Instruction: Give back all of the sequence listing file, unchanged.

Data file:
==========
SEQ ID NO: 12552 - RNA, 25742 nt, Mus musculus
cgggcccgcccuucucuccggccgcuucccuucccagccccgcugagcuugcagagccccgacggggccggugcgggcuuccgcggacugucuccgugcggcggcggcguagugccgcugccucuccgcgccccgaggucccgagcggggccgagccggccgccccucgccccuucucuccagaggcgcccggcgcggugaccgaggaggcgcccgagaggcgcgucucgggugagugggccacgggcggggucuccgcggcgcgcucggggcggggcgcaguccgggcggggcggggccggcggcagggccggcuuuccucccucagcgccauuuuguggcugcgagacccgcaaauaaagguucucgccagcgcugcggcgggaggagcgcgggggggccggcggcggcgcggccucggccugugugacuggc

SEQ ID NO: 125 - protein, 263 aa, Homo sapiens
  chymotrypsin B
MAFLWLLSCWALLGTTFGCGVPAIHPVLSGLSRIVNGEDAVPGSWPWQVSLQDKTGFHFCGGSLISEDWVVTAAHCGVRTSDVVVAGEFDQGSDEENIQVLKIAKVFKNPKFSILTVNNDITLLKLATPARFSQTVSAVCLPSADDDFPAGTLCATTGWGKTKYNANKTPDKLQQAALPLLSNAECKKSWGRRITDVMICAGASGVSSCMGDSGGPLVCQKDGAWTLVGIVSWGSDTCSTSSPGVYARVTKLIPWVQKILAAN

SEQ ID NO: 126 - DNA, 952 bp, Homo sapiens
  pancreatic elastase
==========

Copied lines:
SEQ ID NO: 12552 - RNA, 25742 nt, Mus musculus
cgggcccgcccuucucuccggccgcuucccuucccagccccgcugagcuugcagagccccgacggggccggugcgggcuuccgcggacugucuccgugcggcggcggcguagugccgcugccucuccgcgccccgaggucccgagcggggccgagccggccgccccucgccccuucucuccagaggcgcccggcgcggugaccgaggaggcgcccgagaggcgcgucucgggugagugggccacgggcggggucuccgcggcgcgcucggggcggggcgcaguccgggcggggcggggccggcggcagggccggcuuuccucccucagcgccauuuuguggcugcgagacccgcaaauaaagguucucgccagcgcugcggcgggaggagcgcgggggggccggcggcggcgcggccucggccugugugacuggc

SEQ ID NO: 125 - protein, 263 aa, Homo sapiens
  chymotrypsin B
MAFLWLLSCWALLGTTFGCGVPAIHPVLSGLSRIVNGEDAVPGSWPWQVSLQDKTGFHFCGGSLISEDWVVTAAHCGVRTSDVVVAGEFDQGSDEENIQVLKIAKVFKNPKFSILTVNNDITLLKLATPARFSQTVSAVCLPSADDDFPAGTLCATTGWGKTKYNANKTPDKLQQAALPLLSNAECKKSWGRRITDVMICAGASGVSSCMGDSGGPLVCQKDGAWTLVGIVSWGSDTCSTSSPGVYARVTKLIPWVQKILAAN

SEQ ID NO: 126 - DNA, 952 bp, Homo sapiens
  pancreatic elastase